Leading opposition figure returns to Somalia
Sheikh Hassan Aweys, whom the US accuses of having ties to Al Qaeda, says he wants to unite warring Islamic factions.
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Sheikh Hassan Aweys, who is on the US list of terrorism suspects for alleged links to Al Qaeda, came back to Somalia after more than two years in exile in Eritrea. Members of his alliance said he would promote reconciliation, but Mr. Aweys said that cannot happen until African Union troops leave Somalia.
Aweys is the former legislative head of the Islamic Courts Union, a movement that ended Somalia's longstanding civil war and came to power in 2007. But it was ousted in a US-backed Ethiopian invasion by the end of that year and subsequently split into two factions. Aweys's faction, the Alliance for the Reliberation of Somalia (ARS-Eritrea), is part of the Islamic Party, which opposes the government of President Sheikh Sharif Sheikh Ahmed. Aweys had backed Islamic insurgents fighting the government, reports the Associated Press.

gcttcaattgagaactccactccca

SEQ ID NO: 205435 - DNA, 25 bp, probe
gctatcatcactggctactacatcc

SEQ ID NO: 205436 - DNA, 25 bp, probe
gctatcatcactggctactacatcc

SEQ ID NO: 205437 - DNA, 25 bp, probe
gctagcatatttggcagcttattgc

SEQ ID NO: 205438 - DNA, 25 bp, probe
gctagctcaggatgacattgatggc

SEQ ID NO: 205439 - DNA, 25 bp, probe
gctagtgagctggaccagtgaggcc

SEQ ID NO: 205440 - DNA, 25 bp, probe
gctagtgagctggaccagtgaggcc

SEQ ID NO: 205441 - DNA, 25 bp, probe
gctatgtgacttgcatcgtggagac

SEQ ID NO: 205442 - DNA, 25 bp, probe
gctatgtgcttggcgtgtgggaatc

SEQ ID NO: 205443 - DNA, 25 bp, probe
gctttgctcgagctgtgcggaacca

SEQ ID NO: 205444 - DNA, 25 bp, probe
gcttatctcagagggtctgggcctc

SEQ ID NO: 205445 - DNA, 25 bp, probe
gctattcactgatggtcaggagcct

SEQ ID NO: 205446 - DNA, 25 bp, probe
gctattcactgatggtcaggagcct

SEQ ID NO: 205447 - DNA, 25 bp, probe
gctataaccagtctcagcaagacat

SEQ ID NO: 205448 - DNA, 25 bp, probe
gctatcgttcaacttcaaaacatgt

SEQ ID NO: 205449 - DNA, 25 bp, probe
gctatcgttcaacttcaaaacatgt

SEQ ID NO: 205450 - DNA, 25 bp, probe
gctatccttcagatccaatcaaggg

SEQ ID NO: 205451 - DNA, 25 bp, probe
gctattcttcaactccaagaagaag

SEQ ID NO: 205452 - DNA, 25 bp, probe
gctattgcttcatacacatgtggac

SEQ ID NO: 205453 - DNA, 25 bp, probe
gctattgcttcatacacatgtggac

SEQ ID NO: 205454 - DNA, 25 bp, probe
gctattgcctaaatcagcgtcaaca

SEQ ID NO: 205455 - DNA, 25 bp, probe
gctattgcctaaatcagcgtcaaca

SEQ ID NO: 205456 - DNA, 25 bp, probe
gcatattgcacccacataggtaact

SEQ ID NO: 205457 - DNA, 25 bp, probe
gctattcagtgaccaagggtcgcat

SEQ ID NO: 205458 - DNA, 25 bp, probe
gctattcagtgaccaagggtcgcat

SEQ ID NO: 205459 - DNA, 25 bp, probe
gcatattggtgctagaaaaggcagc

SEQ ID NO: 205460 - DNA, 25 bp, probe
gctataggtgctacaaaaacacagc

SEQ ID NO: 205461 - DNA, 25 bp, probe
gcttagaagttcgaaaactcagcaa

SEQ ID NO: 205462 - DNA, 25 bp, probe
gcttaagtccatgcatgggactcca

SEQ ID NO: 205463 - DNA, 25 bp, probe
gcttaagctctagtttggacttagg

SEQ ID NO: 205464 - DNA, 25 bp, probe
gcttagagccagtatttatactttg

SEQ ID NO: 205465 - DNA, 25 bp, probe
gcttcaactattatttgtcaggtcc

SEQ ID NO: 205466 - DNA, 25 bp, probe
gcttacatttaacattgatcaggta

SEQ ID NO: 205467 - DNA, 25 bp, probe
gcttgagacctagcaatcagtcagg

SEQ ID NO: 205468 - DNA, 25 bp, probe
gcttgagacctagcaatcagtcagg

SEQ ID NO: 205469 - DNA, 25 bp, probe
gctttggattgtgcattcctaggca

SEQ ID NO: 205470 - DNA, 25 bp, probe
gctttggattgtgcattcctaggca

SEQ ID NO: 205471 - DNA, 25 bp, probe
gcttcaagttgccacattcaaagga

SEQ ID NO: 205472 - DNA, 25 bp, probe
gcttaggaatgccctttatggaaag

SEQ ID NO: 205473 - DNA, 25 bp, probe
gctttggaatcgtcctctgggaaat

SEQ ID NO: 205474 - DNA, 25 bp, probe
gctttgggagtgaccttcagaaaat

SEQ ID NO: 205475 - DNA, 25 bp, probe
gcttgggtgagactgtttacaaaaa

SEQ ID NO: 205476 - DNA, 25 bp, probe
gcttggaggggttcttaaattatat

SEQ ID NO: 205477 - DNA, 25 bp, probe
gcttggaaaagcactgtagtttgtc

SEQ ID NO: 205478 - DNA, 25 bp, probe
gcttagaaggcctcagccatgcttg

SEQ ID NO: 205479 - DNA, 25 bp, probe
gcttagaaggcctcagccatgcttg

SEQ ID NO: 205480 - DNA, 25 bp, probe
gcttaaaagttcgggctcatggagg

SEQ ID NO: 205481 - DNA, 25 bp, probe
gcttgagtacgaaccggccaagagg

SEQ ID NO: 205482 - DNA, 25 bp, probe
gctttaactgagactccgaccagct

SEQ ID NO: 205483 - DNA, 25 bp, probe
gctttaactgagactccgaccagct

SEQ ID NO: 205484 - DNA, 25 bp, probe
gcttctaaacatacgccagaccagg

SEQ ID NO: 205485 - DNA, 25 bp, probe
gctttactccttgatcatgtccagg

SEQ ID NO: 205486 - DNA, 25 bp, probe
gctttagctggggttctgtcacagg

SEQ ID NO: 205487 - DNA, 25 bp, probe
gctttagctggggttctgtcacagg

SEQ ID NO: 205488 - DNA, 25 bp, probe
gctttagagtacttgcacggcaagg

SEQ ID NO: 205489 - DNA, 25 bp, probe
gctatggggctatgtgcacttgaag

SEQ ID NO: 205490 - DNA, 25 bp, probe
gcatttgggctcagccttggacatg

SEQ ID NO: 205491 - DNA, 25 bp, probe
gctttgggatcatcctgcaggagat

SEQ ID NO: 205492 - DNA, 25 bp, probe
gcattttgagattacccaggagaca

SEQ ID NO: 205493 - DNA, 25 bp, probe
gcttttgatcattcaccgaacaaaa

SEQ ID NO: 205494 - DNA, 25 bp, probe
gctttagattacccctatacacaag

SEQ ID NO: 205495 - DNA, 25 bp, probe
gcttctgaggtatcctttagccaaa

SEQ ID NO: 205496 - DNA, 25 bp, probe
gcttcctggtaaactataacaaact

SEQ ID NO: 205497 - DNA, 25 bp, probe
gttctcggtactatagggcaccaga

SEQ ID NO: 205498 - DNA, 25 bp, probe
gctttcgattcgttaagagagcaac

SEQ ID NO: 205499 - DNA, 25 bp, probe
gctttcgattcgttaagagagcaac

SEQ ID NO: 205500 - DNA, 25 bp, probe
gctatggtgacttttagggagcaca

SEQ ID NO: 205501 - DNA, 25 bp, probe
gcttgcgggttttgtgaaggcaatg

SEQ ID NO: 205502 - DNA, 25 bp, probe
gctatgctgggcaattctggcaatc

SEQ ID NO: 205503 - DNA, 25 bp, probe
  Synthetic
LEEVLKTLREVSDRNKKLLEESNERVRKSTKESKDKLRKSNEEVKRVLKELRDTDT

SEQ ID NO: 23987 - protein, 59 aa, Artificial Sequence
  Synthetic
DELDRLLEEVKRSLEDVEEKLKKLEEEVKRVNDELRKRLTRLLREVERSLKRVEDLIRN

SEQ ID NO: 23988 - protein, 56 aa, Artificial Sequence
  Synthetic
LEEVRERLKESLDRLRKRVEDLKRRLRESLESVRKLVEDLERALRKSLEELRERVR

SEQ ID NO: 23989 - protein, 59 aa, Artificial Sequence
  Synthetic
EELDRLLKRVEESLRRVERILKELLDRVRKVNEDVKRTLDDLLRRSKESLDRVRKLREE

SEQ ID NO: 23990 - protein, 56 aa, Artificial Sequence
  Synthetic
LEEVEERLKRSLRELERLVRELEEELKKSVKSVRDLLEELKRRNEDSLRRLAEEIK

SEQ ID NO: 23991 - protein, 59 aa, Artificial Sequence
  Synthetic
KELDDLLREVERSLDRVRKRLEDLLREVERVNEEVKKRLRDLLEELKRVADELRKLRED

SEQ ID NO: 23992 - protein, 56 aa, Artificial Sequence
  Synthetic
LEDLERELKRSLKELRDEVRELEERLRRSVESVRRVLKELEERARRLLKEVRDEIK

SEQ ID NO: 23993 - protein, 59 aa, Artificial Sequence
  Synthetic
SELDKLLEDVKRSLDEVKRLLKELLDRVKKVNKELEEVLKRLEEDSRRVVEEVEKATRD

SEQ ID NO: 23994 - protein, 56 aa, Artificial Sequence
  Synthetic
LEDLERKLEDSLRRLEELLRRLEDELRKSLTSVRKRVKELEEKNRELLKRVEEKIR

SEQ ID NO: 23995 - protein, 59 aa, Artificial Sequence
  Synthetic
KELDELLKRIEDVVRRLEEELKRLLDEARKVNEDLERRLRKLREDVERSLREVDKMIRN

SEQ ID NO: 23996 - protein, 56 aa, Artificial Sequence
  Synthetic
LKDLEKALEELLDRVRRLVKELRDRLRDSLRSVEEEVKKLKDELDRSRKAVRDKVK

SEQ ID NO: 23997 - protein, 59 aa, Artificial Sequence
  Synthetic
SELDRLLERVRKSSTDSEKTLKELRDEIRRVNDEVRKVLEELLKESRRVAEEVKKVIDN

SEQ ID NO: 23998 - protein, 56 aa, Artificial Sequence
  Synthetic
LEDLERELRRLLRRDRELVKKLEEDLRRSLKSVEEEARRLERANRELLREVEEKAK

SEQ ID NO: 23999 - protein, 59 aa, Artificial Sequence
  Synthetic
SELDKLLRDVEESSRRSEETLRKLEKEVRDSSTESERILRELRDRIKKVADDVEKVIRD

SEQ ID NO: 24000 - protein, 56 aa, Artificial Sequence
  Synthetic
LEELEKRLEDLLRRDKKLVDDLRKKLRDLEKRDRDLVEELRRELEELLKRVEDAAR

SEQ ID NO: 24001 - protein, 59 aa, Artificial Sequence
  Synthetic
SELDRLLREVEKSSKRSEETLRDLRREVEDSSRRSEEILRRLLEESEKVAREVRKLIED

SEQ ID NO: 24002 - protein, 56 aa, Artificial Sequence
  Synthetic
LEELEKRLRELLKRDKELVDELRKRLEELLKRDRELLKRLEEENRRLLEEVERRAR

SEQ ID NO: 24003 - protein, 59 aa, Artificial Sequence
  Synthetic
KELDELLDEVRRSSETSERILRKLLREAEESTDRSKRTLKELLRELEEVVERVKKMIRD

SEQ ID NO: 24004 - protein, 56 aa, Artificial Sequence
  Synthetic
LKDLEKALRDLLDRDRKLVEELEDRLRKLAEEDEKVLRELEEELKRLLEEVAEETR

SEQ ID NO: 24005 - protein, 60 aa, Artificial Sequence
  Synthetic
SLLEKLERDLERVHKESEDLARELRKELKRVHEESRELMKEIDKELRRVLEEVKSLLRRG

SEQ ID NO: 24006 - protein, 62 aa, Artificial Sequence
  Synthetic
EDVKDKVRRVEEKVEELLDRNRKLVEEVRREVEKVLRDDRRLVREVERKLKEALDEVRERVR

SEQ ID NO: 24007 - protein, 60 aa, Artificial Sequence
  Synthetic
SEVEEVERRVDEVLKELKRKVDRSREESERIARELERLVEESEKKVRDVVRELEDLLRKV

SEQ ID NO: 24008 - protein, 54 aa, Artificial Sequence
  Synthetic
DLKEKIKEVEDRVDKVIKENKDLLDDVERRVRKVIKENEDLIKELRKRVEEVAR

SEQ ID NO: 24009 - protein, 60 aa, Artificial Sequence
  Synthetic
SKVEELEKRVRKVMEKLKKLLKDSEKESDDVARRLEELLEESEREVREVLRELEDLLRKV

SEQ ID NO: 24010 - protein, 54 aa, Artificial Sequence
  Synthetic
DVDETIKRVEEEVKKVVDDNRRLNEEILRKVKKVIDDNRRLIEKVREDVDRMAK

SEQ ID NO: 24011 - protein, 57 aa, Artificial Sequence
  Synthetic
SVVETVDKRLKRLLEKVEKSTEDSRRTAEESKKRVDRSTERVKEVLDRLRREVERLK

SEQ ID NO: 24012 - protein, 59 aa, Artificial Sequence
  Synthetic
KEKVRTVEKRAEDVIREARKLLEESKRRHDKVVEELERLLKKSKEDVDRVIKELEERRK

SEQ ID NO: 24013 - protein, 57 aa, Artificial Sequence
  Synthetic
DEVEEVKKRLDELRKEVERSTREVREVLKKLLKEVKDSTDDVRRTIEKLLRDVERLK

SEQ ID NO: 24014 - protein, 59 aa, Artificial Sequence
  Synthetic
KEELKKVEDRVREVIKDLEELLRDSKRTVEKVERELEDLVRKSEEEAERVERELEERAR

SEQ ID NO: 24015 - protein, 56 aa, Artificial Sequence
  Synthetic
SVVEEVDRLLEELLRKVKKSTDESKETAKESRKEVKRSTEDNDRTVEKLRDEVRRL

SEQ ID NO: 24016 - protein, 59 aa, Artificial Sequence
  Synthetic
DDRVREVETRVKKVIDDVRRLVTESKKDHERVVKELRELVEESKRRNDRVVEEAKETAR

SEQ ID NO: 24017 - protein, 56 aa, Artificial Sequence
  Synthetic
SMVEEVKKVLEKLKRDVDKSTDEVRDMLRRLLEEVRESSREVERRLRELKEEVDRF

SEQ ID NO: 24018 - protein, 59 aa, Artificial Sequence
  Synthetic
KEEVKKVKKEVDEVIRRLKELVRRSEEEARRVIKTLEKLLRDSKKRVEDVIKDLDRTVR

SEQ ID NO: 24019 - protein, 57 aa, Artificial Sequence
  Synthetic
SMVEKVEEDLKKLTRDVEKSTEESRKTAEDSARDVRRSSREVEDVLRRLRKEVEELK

Leading figures in ARS-Eritrea said Aweys has come back to Somalia to promote reconciliation among Islamist factions, reports Garowe Online, the website of a leading radio station in northern Somalia.
"I will meet with anyone concerned about Somalia and my trip [to Somalia] is not influenced by foreign countries," Sheikh Aweys told Qatar-based Al Jazeera TV, although he did not specify whether he plans to meet with President Sheikh Sharif.
Sheikh Ismail Haji Addow, a senior member of ARS-Eritrea, told reporters that Sheikh Aweys would meet with meet with different sections of society in Mogadishu to promote reconciliation among Islamist factions.
"We [ARS-Eritrea] have moved back to Mogadishu, but we will keep an office in Eritrea," Sheikh Addow said, while underscoring that Sheikh Aweys' main task would be to reconcile factions within the
, or the resistance movement that became popular during the Ethiopian army's two-year intervention in south-central Somalia.
However, Aweys declared that reconciliation will not be possible until the African Union Peacekeeping Force (AMISOM) leaves the country. Aweys views the African force as foreign occupiers, reports Reuters.
"Let AMISOM leave then we shall have talks with our deceived friends, government officials," Aweys told opposition supporters in the Somali capital.
"AMISOM is not a peacekeeping force ... They are bacteria in Somalia. Somalia has not yet reached peaceful agreement. So be patient. We are left with little time to fight and achieve our Islamic objective," he told hundreds of supporters.
A 4,300-strong AU peacekeeping mission in the Somali capital has faced near-daily attacks. Analysts say the insurgents are preparing to step up assaults on peacekeepers there.